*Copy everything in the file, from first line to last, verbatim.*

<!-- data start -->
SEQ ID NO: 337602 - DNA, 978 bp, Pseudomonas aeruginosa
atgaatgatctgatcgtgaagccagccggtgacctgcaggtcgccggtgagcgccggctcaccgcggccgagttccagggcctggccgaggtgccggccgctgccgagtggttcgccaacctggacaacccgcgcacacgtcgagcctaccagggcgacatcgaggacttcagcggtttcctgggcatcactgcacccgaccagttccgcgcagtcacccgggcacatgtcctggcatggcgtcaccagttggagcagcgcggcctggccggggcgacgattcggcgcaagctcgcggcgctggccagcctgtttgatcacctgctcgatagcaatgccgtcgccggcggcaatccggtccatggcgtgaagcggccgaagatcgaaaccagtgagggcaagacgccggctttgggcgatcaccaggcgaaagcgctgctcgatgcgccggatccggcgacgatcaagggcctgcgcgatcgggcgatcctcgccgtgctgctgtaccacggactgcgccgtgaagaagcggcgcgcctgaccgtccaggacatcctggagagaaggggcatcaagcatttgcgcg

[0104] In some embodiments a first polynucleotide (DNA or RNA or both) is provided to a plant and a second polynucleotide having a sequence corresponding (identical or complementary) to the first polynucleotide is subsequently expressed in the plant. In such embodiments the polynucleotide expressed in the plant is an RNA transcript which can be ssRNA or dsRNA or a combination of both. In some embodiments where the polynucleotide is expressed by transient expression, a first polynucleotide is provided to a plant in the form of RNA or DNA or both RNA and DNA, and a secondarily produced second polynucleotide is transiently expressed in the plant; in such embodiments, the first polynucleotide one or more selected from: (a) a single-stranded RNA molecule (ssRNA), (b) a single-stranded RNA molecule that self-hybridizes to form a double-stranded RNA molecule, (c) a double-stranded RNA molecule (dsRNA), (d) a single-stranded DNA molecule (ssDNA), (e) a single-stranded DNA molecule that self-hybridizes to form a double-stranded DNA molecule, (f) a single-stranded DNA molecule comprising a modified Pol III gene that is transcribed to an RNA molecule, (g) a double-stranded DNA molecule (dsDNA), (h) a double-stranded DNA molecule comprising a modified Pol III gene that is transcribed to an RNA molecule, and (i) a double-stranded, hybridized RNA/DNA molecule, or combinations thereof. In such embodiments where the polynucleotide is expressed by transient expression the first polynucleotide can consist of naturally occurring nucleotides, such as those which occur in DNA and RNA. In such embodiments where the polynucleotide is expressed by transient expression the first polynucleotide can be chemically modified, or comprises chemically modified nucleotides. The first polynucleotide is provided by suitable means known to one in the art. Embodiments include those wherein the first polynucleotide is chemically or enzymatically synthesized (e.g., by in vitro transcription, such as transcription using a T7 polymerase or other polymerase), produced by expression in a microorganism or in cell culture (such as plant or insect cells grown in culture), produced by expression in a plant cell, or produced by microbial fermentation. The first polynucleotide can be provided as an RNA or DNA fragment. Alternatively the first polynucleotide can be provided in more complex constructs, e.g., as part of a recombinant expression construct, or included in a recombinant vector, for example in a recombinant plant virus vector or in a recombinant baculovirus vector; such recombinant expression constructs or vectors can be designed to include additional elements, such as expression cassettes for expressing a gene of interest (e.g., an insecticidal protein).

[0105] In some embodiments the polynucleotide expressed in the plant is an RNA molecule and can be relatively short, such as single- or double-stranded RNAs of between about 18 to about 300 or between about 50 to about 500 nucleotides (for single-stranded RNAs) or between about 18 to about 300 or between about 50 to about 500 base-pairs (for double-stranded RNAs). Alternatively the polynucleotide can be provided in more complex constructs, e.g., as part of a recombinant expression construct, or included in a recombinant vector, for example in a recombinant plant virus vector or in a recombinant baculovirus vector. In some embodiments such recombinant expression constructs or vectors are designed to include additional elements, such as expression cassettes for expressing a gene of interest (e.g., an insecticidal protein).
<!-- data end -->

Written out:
SEQ ID NO: 337602 - DNA, 978 bp, Pseudomonas aeruginosa
atgaatgatctgatcgtgaagccagccggtgacctgcaggtcgccggtgagcgccggctcaccgcggccgagttccagggcctggccgaggtgccggccgctgccgagtggttcgccaacctggacaacccgcgcacacgtcgagcctaccagggcgacatcgaggacttcagcggtttcctgggcatcactgcacccgaccagttccgcgcagtcacccgggcacatgtcctggcatggcgtcaccagttggagcagcgcggcctggccggggcgacgattcggcgcaagctcgcggcgctggccagcctgtttgatcacctgctcgatagcaatgccgtcgccggcggcaatccggtccatggcgtgaagcggccgaagatcgaaaccagtgagggcaagacgccggctttgggcgatcaccaggcgaaagcgctgctcgatgcgccggatccggcgacgatcaagggcctgcgcgatcgggcgatcctcgccgtgctgctgtaccacggactgcgccgtgaagaagcggcgcgcctgaccgtccaggacatcctggagagaaggggcatcaagcatttgcgcg

[0104] In some embodiments a first polynucleotide (DNA or RNA or both) is provided to a plant and a second polynucleotide having a sequence corresponding (identical or complementary) to the first polynucleotide is subsequently expressed in the plant. In such embodiments the polynucleotide expressed in the plant is an RNA transcript which can be ssRNA or dsRNA or a combination of both. In some embodiments where the polynucleotide is expressed by transient expression, a first polynucleotide is provided to a plant in the form of RNA or DNA or both RNA and DNA, and a secondarily produced second polynucleotide is transiently expressed in the plant; in such embodiments, the first polynucleotide one or more selected from: (a) a single-stranded RNA molecule (ssRNA), (b) a single-stranded RNA molecule that self-hybridizes to form a double-stranded RNA molecule, (c) a double-stranded RNA molecule (dsRNA), (d) a single-stranded DNA molecule (ssDNA), (e) a single-stranded DNA molecule that self-hybridizes to form a double-stranded DNA molecule, (f) a single-stranded DNA molecule comprising a modified Pol III gene that is transcribed to an RNA molecule, (g) a double-stranded DNA molecule (dsDNA), (h) a double-stranded DNA molecule comprising a modified Pol III gene that is transcribed to an RNA molecule, and (i) a double-stranded, hybridized RNA/DNA molecule, or combinations thereof. In such embodiments where the polynucleotide is expressed by transient expression the first polynucleotide can consist of naturally occurring nucleotides, such as those which occur in DNA and RNA. In such embodiments where the polynucleotide is expressed by transient expression the first polynucleotide can be chemically modified, or comprises chemically modified nucleotides. The first polynucleotide is provided by suitable means known to one in the art. Embodiments include those wherein the first polynucleotide is chemically or enzymatically synthesized (e.g., by in vitro transcription, such as transcription using a T7 polymerase or other polymerase), produced by expression in a microorganism or in cell culture (such as plant or insect cells grown in culture), produced by expression in a plant cell, or produced by microbial fermentation. The first polynucleotide can be provided as an RNA or DNA fragment. Alternatively the first polynucleotide can be provided in more complex constructs, e.g., as part of a recombinant expression construct, or included in a recombinant vector, for example in a recombinant plant virus vector or in a recombinant baculovirus vector; such recombinant expression constructs or vectors can be designed to include additional elements, such as expression cassettes for expressing a gene of interest (e.g., an insecticidal protein).

[0105] In some embodiments the polynucleotide expressed in the plant is an RNA molecule and can be relatively short, such as single- or double-stranded RNAs of between about 18 to about 300 or between about 50 to about 500 nucleotides (for single-stranded RNAs) or between about 18 to about 300 or between about 50 to about 500 base-pairs (for double-stranded RNAs). Alternatively the polynucleotide can be provided in more complex constructs, e.g., as part of a recombinant expression construct, or included in a recombinant vector, for example in a recombinant plant virus vector or in a recombinant baculovirus vector. In some embodiments such recombinant expression constructs or vectors are designed to include additional elements, such as expression cassettes for expressing a gene of interest (e.g., an insecticidal protein).